With a DMM attached to the output posts to accurately set the voltage one could also power an Arduino or other small project. Using a 9 volt dc battery connected to a 2.1mm barrel jack it's small enough to fit in yer pocket & so totally portable.
I consider this a fairly simple & fun project leading to a totally useful & versatile tool when complete. Soldering on the breadboard pcb is a bit challenging but a decent iron with small tip makes short work of it.
With 9 volts dc provided by wallwart or battery a project can be supplied with between 1.25 - 8 volts dc by connecting to 2 posts with alligator clips or bare wire. A toggle is included for on/off with an led to show when powered up and a knurled knob for voltage adjustment. All electrical wiring & components safely contained within an Altoids tin.
After making who knows how many drawings attempting to fit this circuit into the tin I found putting it down on graph paper allowed me to see where everything goes quite readily. I've just drawn enuf to get the gist of it. It is a regular breadboard after all with double power rails top & bottom (tho I have only used the negative rail) & 2 solid rows of 5 holes high each.
Is Texas Instruments datasheet. You'll find an almost identical schematic when googling Nat Semiconductor, Fairchild, et al. This is the basis of my design. Please note the R1 resistor here is 240 ohm, I've replaced it with a 470 ohm for a reason I've now forgotten but I do remember reading somewhere this value should be 100 - 500 ohm.
The 3rd image is a page of my design notes showing the late stages of how I arrived at this particular configuration. I've actually been working on this for over a year, off & on, with the project only coming together during this past month.
breadboard pcb (cut in half)
0.1uF ceramic cap
1.0uF elec cap
330ohm resistor (for led)
5k potentiometer & knob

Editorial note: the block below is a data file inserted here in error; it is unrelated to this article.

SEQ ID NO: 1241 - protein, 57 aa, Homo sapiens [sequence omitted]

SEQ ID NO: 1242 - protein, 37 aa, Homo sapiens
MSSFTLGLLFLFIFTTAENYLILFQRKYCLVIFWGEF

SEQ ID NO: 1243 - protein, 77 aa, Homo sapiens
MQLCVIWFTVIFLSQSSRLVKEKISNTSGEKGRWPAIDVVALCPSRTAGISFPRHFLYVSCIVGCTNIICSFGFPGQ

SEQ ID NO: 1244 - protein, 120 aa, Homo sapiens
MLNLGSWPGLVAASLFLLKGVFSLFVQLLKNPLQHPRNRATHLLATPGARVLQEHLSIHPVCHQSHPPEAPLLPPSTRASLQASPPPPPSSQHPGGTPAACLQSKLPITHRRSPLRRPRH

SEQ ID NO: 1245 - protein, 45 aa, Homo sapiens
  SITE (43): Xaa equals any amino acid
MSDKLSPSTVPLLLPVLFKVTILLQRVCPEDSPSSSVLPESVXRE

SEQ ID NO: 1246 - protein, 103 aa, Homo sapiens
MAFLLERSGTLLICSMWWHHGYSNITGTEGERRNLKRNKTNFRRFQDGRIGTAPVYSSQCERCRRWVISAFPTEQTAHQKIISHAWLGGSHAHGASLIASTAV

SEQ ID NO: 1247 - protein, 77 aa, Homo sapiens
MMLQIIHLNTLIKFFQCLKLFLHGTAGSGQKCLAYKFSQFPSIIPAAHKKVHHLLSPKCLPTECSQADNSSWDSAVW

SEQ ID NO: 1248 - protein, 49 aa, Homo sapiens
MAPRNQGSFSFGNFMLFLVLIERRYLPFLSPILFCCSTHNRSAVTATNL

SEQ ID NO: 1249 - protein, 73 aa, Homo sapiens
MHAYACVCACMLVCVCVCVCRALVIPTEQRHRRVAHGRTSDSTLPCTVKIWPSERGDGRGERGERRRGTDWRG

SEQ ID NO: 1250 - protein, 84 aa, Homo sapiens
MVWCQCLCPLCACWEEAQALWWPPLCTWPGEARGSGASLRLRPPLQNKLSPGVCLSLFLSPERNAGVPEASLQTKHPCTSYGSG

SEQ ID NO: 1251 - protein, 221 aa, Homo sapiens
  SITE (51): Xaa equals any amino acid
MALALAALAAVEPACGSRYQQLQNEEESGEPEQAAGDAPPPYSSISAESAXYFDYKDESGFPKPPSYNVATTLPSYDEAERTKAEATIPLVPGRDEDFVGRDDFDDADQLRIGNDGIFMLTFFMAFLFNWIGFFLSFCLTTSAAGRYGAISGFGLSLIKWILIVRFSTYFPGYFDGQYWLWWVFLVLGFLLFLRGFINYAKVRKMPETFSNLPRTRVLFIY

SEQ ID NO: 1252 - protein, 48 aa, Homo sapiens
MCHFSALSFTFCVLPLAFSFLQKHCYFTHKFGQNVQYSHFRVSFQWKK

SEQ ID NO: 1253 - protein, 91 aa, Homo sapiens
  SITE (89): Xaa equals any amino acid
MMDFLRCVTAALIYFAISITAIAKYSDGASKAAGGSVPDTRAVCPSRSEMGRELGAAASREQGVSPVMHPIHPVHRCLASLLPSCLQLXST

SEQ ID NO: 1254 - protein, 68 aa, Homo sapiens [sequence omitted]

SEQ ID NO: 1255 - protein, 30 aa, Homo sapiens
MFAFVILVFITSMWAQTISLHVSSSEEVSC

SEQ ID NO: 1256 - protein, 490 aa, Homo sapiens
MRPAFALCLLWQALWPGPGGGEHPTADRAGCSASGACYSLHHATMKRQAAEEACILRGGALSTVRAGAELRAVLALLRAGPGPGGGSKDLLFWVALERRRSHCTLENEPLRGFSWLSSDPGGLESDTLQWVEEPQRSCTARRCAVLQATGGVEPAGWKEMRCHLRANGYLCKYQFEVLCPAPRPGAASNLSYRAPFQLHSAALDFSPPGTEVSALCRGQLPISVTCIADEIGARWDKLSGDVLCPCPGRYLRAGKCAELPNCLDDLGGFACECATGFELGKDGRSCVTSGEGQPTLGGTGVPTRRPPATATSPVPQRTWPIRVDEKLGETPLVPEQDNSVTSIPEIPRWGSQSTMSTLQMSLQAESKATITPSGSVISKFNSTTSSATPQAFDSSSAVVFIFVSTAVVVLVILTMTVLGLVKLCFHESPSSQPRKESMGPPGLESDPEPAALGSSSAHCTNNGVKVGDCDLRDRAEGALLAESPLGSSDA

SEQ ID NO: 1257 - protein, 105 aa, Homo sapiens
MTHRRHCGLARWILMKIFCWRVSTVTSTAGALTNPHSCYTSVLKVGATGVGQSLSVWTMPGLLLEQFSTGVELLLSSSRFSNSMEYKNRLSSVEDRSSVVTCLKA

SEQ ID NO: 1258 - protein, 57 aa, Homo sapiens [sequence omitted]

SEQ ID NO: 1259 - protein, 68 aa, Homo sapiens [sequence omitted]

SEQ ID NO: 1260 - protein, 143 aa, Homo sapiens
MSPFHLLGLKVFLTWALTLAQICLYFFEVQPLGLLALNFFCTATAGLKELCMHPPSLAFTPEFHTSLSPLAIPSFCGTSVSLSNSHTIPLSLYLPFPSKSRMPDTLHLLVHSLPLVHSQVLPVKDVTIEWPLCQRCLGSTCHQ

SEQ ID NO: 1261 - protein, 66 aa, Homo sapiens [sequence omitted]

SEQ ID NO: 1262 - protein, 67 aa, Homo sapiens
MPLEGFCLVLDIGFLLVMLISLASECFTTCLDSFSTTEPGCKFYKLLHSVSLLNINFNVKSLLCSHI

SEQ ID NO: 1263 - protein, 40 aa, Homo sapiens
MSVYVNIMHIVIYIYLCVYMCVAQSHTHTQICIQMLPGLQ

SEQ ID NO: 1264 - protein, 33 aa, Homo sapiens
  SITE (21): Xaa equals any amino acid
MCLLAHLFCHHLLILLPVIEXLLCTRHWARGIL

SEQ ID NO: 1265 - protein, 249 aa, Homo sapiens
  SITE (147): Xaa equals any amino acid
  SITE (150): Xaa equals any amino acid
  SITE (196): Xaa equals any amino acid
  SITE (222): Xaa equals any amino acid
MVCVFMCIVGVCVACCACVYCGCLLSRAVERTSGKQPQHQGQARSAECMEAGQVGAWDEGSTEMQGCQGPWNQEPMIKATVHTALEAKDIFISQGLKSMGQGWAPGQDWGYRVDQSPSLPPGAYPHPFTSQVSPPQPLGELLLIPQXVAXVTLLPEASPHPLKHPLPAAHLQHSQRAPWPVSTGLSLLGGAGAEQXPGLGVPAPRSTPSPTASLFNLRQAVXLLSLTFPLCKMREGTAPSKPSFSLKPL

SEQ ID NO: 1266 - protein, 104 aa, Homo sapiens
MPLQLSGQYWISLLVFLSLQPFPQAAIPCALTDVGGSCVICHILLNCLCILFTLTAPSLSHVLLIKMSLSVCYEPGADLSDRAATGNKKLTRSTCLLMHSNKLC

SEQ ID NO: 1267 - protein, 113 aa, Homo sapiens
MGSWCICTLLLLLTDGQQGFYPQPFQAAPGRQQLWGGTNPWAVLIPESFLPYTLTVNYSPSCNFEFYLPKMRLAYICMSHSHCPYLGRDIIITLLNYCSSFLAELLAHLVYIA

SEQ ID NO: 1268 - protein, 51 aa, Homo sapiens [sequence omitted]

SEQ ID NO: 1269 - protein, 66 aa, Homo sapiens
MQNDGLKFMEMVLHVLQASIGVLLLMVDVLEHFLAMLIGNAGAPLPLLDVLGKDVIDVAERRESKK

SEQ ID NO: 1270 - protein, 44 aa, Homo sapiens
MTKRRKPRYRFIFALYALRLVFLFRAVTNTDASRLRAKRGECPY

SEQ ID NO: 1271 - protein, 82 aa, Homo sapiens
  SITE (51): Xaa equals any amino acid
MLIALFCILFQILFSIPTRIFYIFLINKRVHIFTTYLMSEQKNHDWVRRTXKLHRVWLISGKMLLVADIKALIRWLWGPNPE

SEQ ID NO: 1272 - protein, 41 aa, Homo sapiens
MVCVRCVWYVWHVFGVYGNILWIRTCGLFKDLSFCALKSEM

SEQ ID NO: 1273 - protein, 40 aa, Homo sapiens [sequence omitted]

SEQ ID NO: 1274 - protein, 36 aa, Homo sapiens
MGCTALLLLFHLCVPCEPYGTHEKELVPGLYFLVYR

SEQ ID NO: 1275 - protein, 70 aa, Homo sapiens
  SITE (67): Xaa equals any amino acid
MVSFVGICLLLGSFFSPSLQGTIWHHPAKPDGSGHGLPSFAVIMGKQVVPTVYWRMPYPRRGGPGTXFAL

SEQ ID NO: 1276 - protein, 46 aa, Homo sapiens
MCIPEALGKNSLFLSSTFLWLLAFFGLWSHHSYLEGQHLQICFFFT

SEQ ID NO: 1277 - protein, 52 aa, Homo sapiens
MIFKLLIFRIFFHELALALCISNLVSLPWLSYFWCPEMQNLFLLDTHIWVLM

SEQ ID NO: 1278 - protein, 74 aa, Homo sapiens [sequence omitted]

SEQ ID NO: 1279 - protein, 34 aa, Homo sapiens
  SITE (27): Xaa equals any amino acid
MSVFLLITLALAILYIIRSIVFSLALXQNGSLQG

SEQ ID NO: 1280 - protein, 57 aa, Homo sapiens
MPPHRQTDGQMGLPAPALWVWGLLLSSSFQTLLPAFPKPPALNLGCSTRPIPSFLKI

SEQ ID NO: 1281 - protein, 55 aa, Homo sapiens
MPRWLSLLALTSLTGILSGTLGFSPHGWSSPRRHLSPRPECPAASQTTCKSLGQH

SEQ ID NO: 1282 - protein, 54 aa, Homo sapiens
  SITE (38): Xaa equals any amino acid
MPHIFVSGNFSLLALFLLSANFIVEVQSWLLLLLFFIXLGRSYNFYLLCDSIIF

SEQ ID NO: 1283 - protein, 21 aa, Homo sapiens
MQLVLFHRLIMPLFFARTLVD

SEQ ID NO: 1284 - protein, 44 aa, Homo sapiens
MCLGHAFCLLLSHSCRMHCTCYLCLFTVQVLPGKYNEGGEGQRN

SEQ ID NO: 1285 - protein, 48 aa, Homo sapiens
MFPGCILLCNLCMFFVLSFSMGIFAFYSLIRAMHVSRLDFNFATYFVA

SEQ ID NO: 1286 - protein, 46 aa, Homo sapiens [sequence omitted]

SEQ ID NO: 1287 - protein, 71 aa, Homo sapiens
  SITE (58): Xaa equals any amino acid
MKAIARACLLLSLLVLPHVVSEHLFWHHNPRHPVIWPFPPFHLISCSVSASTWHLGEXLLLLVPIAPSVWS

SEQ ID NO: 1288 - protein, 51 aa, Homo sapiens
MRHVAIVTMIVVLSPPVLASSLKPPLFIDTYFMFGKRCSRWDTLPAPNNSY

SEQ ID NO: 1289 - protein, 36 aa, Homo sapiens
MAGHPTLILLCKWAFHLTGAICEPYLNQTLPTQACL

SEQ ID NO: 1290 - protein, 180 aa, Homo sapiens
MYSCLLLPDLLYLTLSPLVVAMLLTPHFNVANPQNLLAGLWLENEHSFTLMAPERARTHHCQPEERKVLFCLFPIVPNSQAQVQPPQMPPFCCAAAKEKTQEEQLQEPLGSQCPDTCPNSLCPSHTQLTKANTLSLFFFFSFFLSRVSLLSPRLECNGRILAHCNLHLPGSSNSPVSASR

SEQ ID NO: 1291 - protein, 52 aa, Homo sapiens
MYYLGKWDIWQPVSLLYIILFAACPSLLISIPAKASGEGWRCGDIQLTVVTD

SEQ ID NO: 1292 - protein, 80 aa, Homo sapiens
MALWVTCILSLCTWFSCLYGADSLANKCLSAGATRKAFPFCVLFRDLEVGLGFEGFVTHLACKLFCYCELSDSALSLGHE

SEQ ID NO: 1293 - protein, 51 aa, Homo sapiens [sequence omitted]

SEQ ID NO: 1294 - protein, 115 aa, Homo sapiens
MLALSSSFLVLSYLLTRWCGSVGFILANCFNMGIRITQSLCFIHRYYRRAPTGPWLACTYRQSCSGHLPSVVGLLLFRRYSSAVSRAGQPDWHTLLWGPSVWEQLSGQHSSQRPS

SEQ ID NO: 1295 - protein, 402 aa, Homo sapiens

3mm led green (or red, or amber,etc)
2.1mm barrel jack adapter
2 x posts for output power
wires of various lengths 22 - 24AWG
heat shrink tubing (for exposed connections)
Altoids or similar sized tin
wall wart 9 volts dc with 2.1mm barrel jack
hot glue gun
brad point drill bits
files or sandpaper
dremel with sanding drum to enlarge/shift holes
I found brad point drill bits, although for wood, do an excellent job cutting through the soft tin of the Altoids container. Becauase of the side cutters on the bitface the hole made comes out perfect without a lot of fuss & bother using just a hand held drill. see hole in side of tin in drillbit image.
When drilling holes in top of tin I find it best to use a block of wood to support the tin while applying pressure so the metal doesn't warp. The two larger holes were drilled with a normal drillbit, hence the flat-sided circles. Washers when fastening components to the lid will hide these irregularities. The smaller holes were drilled with a bradpoint and thus are clean & round.
The 2 caps, 2 resistors and any wires needed on the board can be soldered in place now. I used solid core here & stranded wire for all the wires that need to flex when the tin is opened & closed.
I believe in repurposing electronics so you might have noticed almost all parts used here have come from other electronics, or in the case of the container, from numnums! I do test all parts with a digital multimeter before soldering in place. As far as cost for this project I'm sure a lot, if not all, these parts can be found in your parts bins. Personally, I bought the Altoids - 2.20, circuit board - 1.50, toggle - 0.50, green led - .20, & the green solid core wire - maybe a few cents. Under 5 bucks - not bad!
I find a clean, well-lit workspace to be ideal. Wish it would just stay that way!
Hope you enjoyed & it will be a pleasure to hear your comments! Be safe & re use, re purpose when possible.